The mummies that have been found in the Kumanovo village of Lipkovo and that are at least 24 centuries old are in a sufficiently good condition for preservation, age estimation, and preservation of the organic substances that have been naturally kept in the earth over the centuries, explains archaeologist Zvonimir Nikolovski, advising inspector at the Cultural Heritage Protection Bureau. He was in the team that was asked to inspect the mummies’ condition and to document and photograph the findings last July. This never took place, however, because the landowners did not allow it. The team is said to be planning another visit to the site near the Kisela Voda area on the road leading to Lipkovo.
According to Nikolovski, if the two corpses are properly exhumed, their age can be established accurately. The C14 method of examining the organic substance can reveal the year in which the deceased were buried, plus or minus two to three years.
The landowners will suffer no damage whatsoever, Nikolovski says.
According to him, it is crucial that the corpses were found “in situ,” an archaeological term signifying that something has been discovered in the earth in the same position in which it was laid years before.
The corpses were not mummified, but rather, naturally preserved in the clay soil. They had been laid in coffins made of carved oak trunks. They were placed in the earth's profile, at a height of about 1 meter. One can see their shoes and coarse woollen pants, which could give us much information about life back then, Nikolovski says.
He believes that the team that would possibly work on the excavations should also include anthropologists and experts from the Natural Science Museum and the Medical School.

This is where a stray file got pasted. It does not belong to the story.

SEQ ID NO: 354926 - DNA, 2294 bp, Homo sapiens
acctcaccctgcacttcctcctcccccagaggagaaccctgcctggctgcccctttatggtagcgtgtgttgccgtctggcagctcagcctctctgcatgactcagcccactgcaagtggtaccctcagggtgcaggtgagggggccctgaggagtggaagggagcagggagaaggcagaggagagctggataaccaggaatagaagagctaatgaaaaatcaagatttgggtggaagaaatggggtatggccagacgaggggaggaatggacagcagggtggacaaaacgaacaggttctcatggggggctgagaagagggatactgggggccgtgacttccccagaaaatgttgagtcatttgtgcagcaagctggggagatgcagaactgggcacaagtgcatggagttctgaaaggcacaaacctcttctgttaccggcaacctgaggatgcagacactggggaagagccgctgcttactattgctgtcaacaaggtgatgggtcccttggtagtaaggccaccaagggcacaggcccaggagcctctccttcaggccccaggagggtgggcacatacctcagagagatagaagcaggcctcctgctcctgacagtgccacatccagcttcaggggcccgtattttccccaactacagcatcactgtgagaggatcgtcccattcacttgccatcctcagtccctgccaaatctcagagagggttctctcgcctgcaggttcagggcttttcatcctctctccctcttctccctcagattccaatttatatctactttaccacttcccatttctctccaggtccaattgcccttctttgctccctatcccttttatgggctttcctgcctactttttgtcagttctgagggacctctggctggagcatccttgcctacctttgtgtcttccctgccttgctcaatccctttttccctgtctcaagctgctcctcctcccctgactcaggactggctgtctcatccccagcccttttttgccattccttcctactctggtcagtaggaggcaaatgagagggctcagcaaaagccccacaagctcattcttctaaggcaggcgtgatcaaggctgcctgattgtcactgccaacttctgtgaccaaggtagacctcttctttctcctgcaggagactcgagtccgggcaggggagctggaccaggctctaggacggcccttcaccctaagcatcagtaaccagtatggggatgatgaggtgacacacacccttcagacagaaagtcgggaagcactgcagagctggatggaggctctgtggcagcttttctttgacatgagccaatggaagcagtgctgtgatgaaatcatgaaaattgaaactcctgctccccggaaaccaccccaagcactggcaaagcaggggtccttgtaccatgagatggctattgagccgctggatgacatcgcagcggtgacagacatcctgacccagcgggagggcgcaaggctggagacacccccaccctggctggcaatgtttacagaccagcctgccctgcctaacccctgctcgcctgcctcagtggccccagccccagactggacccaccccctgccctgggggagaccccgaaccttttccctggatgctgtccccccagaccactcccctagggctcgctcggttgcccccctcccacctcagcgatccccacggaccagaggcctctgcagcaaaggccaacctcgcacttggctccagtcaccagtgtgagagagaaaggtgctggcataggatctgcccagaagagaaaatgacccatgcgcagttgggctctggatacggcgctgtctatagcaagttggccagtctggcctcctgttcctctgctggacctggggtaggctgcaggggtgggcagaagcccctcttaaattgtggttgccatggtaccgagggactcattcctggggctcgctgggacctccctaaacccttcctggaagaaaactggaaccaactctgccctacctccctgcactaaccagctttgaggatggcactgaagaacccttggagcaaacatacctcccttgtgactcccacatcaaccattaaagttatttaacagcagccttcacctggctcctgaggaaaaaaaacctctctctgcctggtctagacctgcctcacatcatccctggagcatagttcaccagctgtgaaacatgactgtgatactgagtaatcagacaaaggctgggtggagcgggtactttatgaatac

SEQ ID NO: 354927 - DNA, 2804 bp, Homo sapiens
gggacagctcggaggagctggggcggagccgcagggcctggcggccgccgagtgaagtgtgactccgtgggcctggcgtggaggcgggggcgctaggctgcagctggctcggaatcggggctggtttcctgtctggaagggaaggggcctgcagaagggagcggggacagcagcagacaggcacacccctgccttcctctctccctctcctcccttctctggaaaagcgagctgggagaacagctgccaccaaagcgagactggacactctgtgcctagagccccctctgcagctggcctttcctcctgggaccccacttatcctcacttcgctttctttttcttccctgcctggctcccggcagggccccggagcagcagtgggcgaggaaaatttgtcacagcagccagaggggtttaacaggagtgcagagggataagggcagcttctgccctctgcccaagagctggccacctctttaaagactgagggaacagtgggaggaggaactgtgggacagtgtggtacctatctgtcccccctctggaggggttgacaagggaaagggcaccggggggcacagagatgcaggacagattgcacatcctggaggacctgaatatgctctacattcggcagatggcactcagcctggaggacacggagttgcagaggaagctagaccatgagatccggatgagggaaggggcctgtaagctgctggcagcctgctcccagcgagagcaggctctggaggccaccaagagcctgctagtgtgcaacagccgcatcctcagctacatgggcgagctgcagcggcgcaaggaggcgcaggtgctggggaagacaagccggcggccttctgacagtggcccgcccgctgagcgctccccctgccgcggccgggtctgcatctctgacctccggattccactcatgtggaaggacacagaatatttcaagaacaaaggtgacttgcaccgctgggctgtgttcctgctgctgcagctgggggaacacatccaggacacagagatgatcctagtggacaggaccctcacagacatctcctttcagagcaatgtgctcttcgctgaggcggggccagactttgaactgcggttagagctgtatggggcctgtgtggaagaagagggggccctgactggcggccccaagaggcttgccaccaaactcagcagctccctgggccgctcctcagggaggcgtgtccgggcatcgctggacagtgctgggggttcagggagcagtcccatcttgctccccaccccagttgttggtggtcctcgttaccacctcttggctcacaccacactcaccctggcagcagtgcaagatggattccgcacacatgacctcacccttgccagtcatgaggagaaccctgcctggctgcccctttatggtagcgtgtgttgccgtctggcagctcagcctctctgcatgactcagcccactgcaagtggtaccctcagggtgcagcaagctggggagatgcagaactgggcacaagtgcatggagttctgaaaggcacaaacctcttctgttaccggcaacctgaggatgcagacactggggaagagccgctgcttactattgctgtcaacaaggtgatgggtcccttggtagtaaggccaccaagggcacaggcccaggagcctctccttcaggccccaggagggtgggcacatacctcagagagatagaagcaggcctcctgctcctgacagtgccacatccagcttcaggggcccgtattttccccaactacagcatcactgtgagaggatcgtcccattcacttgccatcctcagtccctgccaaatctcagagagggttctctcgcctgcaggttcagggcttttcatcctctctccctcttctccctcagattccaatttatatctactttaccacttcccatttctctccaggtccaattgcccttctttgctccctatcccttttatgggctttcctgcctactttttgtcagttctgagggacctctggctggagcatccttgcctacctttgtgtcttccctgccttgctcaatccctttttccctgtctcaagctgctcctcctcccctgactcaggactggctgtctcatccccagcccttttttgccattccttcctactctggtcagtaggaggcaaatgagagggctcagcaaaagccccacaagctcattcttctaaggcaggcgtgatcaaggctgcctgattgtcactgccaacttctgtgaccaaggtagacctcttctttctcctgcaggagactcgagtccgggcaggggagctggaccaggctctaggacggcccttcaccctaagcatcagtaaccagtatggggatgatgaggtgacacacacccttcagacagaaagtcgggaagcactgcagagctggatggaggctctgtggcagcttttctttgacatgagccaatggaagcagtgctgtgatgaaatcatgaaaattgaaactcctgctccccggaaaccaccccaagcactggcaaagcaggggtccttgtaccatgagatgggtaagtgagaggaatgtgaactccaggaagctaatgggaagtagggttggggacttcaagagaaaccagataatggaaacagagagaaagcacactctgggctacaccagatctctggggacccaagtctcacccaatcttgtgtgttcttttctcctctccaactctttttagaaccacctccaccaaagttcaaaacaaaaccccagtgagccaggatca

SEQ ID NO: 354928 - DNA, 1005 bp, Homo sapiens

In the capacity of an archaeologist at the Kumanovo Museum eight years ago, Nikolovski wanted to excavate the site where the first mummies were later found. He was allowed to do that, but on a more remote site, where he found pieces of ceramics dating from the Hellenistic era, approximately in the 2nd and 3rd centuries BC, which is the same period that he believes the mummies date from.
The first mummified bodies in the Lipkovo region were discovered during the construction of an access road to the Lake Lipkovo dam in 1957. Archaeologists Ivan Mikulcic and Sarzo Sarzovski led the team that explored the Lipkovo site in 1963. They discovered a mummy, which was later transferred to the Skopje Forensic Medicine Department, where it still is. Judging by the ceramics found in the tomb, Mikulcic dates them in the Early Ancient Age, in the 5th and 4th centuries BC.
Author: Vesna Ivanovska